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House Color

Q. I was always under the impression that houses should be painted a muted color - white, off white, light blue, etc. Now we have several neighbors who have painted their houses very bright colors. Is this a new trend and considered acceptable?

A. Houses have always reflected, in their color, the culture of their owners and geographic location.

In the Mediterranean, homes are known for their bright, sunny colors. Williamsburg, Virginia is known for its creative use of colors for each and every house ever since its inception.

My recommendation is to look at the entire house as a whole, being aware of all the materials that make up the structure, and use colors that unify all the components. This process is so much more important than choosing your favorite colors.

Let me give you some examples. My daughter lives in the rolling hills and narrow roads of Maryland. It is a beautiful country, however, there is a downside. The new homes that are springing up everywhere have owners who have chosen only red brick facades with white or beige vinyl siding existing on the other three sides to keep costs down. The houses lack charm.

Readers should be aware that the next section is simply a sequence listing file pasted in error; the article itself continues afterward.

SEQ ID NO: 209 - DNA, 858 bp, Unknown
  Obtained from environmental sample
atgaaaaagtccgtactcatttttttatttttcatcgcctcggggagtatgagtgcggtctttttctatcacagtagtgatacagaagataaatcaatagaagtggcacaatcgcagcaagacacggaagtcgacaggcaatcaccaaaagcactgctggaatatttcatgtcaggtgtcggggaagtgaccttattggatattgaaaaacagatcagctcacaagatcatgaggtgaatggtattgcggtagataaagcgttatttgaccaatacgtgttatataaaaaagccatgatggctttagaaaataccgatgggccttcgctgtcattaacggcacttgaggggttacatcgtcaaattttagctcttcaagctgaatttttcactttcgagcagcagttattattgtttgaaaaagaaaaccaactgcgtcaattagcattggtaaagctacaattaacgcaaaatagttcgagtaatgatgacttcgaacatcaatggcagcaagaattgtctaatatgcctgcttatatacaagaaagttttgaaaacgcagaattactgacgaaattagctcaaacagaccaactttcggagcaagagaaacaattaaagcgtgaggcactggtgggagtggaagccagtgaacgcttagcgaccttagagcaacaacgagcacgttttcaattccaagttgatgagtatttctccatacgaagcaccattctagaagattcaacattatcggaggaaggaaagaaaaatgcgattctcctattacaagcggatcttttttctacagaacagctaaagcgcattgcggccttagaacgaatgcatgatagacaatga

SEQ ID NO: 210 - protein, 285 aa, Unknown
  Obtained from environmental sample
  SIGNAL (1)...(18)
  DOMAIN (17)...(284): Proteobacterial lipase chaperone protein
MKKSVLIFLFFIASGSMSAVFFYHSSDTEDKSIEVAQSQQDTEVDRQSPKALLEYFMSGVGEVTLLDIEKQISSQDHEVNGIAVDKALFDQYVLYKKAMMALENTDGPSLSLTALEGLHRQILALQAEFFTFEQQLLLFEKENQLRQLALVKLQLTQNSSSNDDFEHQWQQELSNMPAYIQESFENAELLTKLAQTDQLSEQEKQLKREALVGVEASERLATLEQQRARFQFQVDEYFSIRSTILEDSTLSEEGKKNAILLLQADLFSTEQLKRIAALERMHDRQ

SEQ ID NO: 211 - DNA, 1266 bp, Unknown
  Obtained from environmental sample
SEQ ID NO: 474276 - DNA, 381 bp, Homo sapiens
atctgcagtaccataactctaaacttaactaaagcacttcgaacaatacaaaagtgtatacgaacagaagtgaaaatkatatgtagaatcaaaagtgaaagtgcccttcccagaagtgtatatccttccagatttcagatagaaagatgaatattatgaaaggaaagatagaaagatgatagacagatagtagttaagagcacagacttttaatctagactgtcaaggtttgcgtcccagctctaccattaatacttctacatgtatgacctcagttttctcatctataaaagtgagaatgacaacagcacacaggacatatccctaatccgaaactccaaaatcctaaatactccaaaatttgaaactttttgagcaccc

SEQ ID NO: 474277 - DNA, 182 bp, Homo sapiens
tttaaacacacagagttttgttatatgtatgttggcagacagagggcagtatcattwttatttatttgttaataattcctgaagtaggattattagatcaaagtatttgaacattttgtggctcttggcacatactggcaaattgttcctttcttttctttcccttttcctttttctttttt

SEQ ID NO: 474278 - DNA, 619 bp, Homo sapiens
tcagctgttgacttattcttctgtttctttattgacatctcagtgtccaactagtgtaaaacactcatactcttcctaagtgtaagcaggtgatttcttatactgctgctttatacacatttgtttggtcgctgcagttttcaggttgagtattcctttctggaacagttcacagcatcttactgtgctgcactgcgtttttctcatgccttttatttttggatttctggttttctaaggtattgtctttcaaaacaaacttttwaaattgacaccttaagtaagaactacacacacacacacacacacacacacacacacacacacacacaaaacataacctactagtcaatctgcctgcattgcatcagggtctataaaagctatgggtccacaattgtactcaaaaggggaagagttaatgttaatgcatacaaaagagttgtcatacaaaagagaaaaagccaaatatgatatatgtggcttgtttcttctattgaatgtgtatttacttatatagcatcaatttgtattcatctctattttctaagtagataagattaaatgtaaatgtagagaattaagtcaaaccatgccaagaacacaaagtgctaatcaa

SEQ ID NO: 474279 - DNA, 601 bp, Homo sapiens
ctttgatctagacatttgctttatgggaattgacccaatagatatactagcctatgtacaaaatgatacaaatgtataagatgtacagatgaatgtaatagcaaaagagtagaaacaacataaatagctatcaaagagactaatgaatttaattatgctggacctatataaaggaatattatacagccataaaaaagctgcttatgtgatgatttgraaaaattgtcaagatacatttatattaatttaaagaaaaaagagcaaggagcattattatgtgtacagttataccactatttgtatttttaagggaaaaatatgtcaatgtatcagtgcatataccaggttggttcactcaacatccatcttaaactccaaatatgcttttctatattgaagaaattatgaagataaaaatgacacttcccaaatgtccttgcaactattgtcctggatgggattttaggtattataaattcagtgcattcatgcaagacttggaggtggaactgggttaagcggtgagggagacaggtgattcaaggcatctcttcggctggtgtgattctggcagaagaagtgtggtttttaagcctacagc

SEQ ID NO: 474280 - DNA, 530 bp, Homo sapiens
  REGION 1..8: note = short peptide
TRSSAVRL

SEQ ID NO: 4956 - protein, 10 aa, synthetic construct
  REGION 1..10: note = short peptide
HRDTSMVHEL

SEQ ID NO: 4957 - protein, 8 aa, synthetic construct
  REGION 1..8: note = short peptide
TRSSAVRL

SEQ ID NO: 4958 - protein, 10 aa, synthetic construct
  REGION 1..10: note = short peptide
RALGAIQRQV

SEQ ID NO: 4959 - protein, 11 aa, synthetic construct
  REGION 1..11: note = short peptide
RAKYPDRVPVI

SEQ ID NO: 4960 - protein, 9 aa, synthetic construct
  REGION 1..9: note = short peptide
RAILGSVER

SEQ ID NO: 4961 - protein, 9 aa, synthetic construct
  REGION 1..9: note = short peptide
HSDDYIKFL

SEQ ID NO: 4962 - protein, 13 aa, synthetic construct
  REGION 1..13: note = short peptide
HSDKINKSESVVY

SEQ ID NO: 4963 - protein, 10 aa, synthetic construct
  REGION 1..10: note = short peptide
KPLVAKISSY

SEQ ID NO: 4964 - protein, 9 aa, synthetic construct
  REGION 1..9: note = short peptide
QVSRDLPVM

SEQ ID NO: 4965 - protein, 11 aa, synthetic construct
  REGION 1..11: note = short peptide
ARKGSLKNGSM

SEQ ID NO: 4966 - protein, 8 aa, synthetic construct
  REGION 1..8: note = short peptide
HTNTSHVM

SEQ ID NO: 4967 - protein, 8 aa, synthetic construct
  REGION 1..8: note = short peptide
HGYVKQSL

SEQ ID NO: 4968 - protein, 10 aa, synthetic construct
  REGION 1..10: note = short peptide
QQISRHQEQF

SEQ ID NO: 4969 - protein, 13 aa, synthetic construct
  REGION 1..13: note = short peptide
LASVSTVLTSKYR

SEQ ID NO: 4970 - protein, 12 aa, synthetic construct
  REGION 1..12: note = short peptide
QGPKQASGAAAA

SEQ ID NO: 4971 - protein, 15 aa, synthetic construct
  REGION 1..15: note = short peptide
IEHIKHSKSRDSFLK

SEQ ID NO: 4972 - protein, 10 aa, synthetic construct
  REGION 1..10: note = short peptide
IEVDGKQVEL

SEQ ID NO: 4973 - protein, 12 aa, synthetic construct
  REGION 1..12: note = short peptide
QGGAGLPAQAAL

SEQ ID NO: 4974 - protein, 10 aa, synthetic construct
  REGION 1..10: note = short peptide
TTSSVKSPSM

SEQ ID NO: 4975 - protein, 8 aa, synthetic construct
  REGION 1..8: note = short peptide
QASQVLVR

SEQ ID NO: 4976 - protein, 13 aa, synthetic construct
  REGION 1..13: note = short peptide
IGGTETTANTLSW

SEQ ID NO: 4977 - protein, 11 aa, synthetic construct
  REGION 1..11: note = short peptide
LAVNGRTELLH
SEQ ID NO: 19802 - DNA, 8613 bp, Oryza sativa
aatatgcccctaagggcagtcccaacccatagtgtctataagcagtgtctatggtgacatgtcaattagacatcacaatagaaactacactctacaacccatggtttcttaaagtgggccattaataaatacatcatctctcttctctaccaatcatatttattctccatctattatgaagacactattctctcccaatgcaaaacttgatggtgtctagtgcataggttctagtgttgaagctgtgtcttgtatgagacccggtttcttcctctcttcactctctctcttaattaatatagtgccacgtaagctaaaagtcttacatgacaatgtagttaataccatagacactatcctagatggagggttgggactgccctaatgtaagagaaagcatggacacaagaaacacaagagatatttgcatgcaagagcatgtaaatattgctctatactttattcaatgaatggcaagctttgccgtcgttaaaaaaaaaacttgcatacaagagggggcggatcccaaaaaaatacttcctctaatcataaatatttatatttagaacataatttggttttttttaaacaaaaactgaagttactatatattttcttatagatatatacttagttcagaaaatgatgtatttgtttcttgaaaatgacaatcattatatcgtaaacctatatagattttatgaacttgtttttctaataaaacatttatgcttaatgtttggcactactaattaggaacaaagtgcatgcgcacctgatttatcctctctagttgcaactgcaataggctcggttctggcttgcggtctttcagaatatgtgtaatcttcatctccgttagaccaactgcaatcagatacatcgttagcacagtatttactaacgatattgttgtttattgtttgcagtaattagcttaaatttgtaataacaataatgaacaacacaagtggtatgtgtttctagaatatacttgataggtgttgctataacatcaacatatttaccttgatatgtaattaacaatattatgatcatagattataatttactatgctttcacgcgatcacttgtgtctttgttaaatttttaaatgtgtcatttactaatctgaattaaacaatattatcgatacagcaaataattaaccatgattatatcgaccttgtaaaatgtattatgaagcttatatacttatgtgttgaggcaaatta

The nonexistence of large trees and shrubbery make the appearance of the houses seem very harsh. The solution to this is to not use brick at all and put the money into more detail to the facade or use a brick softer in color with siding that is similar in tone to reduce the contrast. Now, one sees the house as whole, not just brick and three plain sides.

Another example of inappropriate use of color on the exterior of a house is the one my husband and I purchased several years ago. It was a long, one-story house with a large sloped roof set in a wooded environment. The window frames were painted white and the house was painted a blue-gray color. Looking through the trees, all one could focus on was the white of the window frames.

I chose a new color for the entire house that would minimize the importance of the roof and allow the house to blend in with its surrounding environment. I came to the new color by comparing color swatches to the bark of nearby trees. Now the house is in harmony with nature and the landscaping, not the house, is the main feature.

A tip when choosing colors for your home is to take a photograph of it from the street. Next, overlay the photograph with tracing paper and use colored pencils to create different color schemes until you are satisfied with the total result of the house's appearance.

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Reita Bayman

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